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For Andhra and Telangana artists, Margazhi is a mega cultural showcase
At its best, the Margazhi season is educative, inspiring and stimulating. It is a magnet for novices, connoisseurs and veterans.
Some artists from Andhra Pradesh and Telangana reveal what it means to them. Since his first stage appearance in 1969, Yella Venkateshwara Rao, noted mridangam player, has performed many times during the Season.
He says, “The admirable thing about this festival and Chennai’s culture is that the rasikas recognise and respect talent. That is what makes the Season such a big draw for artists from other States.”
In fact, all classical dancers and musicians will agree that this generous and consistent encouragement has made this event an enduring success.
The city’s art-friendly milieu has led to a steady exodus of talent from Andhra Pradesh to Chennai – from M. Balamuralikrishna, Vempati Chinna Satyam, the late Mandolin Shrinivas, to A. Kanyakumari and Veena Gayatri.
“I am one of the few AP artists who resisted this temptation to re-locate,” laughs Yella. “But I always give in to this enticement to perform before Chennai’s learned audiences!”
The Visakhapatnam-based Nedunuri Krishnamurthy was another stalwart, who had stayed put in Andhra Pradesh but regularly used to make his way to Chennai to perform and listen. Praising this cultural showcase, he had said, “It is the greatest event in classical music and dance. It provides a prestigious platform for performers, from leading musicians to young aspirants; while for rasikas, it offers the richest, most varied spread. It is also the best place for insights into the way the art is evolving, and the latest trends and tastes.”
Nedunuri had recalled his first appearance, way back in 1951. Among the appreciative audience were the celebrated GNB and Chembai. “Next day, Lalgudi Jayaraman accosted me and said that henceforth wherever I performed in Tamil Nadu, he would like to accompany me!” Nedunuri had the distinction of performing continuously during the Season for over half a century.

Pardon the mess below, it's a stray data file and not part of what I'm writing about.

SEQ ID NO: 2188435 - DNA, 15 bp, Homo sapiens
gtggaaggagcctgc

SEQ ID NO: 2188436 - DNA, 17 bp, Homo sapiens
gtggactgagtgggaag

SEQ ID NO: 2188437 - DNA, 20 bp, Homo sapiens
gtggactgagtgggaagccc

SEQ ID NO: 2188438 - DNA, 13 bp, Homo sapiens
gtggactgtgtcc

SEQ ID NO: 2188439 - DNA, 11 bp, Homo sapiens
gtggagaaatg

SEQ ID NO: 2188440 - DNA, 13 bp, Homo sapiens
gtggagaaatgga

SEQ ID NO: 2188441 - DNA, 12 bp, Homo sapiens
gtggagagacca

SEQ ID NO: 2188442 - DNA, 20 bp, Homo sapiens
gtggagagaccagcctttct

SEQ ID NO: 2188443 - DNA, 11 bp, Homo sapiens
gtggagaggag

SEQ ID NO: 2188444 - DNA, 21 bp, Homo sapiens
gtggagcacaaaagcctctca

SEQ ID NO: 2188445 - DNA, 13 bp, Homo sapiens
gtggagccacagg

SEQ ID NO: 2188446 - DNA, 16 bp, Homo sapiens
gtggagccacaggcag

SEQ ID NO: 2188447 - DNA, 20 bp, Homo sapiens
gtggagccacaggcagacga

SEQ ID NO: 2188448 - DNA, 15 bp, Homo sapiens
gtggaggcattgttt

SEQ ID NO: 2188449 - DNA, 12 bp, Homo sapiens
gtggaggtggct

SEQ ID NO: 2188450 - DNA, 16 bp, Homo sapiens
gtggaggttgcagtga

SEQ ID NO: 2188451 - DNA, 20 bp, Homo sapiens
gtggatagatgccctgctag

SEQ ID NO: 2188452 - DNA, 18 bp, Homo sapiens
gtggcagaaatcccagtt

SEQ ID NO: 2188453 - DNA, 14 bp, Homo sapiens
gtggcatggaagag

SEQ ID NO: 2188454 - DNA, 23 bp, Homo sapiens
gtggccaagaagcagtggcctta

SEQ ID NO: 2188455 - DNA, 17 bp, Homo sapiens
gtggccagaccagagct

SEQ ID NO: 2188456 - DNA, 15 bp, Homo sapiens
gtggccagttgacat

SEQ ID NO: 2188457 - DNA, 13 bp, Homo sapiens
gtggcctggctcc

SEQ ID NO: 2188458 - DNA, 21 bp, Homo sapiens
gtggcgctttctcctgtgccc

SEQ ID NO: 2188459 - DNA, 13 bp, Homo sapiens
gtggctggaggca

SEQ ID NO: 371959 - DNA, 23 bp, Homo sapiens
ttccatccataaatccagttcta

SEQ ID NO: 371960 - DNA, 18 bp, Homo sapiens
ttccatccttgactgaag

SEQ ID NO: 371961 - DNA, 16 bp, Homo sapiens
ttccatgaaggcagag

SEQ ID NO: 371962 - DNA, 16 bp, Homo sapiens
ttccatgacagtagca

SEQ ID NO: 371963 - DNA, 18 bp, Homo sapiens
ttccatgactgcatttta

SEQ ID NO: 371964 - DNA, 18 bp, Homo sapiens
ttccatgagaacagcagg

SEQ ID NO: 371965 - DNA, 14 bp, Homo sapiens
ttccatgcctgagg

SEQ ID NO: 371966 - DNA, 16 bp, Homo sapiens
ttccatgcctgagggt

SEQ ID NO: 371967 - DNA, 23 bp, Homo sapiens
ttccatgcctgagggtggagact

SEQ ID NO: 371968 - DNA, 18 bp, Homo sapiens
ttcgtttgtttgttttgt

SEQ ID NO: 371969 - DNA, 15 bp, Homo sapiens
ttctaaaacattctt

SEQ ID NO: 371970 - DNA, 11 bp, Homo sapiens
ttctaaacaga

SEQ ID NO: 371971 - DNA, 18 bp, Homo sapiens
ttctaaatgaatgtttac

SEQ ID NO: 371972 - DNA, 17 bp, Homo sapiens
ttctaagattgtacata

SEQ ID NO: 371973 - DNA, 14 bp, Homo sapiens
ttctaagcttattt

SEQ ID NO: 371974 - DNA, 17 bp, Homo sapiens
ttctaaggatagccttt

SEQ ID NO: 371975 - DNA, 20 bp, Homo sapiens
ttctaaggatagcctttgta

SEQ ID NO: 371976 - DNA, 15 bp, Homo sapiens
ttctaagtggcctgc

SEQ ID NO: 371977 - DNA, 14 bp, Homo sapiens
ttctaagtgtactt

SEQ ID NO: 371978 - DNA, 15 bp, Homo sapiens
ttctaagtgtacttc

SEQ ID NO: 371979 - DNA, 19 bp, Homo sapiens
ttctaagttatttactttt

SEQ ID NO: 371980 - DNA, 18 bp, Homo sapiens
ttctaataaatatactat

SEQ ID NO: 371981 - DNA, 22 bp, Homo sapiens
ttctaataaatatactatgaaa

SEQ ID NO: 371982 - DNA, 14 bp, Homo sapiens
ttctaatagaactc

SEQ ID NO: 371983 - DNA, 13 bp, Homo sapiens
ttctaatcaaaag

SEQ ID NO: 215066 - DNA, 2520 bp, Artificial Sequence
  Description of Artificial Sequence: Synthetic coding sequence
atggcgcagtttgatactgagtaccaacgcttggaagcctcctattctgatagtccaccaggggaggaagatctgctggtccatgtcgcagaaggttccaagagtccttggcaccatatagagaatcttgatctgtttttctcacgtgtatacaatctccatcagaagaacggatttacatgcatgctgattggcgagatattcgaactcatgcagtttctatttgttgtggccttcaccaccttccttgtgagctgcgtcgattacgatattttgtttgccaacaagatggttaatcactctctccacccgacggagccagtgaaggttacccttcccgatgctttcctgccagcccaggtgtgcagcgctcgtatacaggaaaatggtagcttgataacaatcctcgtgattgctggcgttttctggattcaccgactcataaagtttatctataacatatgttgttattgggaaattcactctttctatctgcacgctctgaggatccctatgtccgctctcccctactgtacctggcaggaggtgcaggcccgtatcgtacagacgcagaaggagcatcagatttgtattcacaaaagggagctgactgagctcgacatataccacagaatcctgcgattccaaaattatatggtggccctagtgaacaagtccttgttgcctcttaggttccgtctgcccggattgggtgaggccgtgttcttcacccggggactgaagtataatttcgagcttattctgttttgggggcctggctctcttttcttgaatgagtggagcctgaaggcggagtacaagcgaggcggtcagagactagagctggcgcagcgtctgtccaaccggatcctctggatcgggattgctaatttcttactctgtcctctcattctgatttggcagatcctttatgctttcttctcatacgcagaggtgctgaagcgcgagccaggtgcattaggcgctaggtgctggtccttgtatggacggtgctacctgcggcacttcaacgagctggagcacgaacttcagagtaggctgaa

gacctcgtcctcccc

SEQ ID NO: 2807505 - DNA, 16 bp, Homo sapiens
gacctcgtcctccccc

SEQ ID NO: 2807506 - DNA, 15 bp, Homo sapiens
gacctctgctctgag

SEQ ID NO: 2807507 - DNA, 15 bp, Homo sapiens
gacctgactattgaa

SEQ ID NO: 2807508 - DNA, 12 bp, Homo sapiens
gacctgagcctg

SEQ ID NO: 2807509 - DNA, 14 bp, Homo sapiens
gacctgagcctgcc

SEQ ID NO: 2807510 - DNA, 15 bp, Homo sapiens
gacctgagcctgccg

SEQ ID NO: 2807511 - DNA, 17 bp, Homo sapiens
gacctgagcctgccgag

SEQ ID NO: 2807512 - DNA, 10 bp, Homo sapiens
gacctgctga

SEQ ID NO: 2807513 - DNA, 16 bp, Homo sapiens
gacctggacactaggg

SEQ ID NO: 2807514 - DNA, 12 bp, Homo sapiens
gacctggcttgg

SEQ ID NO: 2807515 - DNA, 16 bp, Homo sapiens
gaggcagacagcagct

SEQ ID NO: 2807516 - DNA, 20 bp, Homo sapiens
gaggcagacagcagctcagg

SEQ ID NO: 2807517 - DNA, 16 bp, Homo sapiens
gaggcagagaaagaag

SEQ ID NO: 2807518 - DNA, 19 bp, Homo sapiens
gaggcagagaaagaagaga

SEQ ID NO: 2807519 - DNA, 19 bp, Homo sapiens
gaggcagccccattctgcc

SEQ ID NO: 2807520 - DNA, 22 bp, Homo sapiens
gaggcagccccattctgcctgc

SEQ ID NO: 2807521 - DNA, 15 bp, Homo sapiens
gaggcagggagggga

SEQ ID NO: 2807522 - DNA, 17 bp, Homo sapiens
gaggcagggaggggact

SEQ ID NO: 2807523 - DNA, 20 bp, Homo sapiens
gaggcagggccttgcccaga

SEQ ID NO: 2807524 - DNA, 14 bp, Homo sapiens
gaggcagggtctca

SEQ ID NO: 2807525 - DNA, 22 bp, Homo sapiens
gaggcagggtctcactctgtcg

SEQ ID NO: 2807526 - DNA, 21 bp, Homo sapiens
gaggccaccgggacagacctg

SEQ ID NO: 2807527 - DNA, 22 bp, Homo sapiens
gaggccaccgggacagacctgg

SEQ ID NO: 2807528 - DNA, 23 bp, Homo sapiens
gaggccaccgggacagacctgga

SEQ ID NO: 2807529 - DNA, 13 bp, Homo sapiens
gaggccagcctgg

The Hyderabad Brothers have a string of performances lined up, which they are looking forward to.
The Malladi Brothers, Sreeramprasad and Ravikumar, say, “We cherish the opportunities to perform here.” They first attended the event in 1990, when Ravikumar accompanied Nedunuri. They have memories of many great concerts including one by K.V. Narayanaswamy and his sruti-perfect voice and masterly exposition of the Trinity’s and Swati Tirunal compositions.
This Season, the Malladi Brothers have nine concerts including one with their father, vocalist and guru Malladi Suribabu at Sri Krishna Gana Sabha. There is also a lec-dem by them on composers Annamacharya and Bhadrachala Ramadas, where they will render a few compositions of Sripada Pinakapani, Nedunuri and Voleti Venkateswarlu.
Pantula Rama first attended the Season in 1990-91 as a youngster delighted at being able to perform at this prestigious platform. She has about 10 concerts on the agenda for this Season, which will express the different aspects of her musical persona.
“The Madras Margazhi Season is educative and informative,” says vocalist-violinist Komanduri Seshadri, who spends at least a fortnight every year lapping up the music and wishing that he had more performance opportunities. ”
Dancers also yearn to be part of the Season. Kuchipudi dancer, teacher and choreographer Sobha Naidu watched with awe Padma Subrahmanyam’s programme at Sri Krishna Gana Sabha during her first visit. “Dr. Padma is a Bharatanatyam legend and her performance of ‘Krishnaaya Thubhyam Namaha’ was spellbinding.” Sobha also recalls a mesmerising recital of padams during one season by the peerless Balasaraswati.
The distinguished Kuchipudi, Bharatanatyam and Vilasini Natyam dancer, teacher and author, Swapnasundari, is the convenor of this year’s Natya Kala Conference at Sri Krishna Gana Sabha. Anupama Kylash is its chief coordinator. Swapnasundari will also present her own production, ‘Nata Vesha Krishna,’ in Vilasini Natyam and Kuchipudi styles.
December will also see a lec-dem by Professor Davesh Soneji and dancer Yashoda Thakore on ‘The Aesthetics and Social World of the Courtesan Repertoire.’
Besides performances and lec-dems, there will also be workshops on a range of topics.
The overcrowded calendar, however, is a cause for concern for artists, students and rasikas as people from all over descend on Chennai. With so many performances cramming each day, concert-goers often find it difficult to be selective.
Often their choices coincide and they end up crowding the same venues leaving others nearly empty, which is disheartening for performers.
Nedunuri had pointed out, “It is discouraging for musicians, especially youngsters, to face a thinly populated hall.”
A lot depends on a performance during this important period. However, the ‘prestigious’ tag has led to some unhealthy competition and also a few premature appearances, Nedunuri had said.
Yella feels as did Nedunuri that although it’s wonderful to see the proliferation of sabhas and patrons, there are some side-effects. Let the music continue but manage the calendar better, for optimum enjoyment by rasikas.
From : The Hindu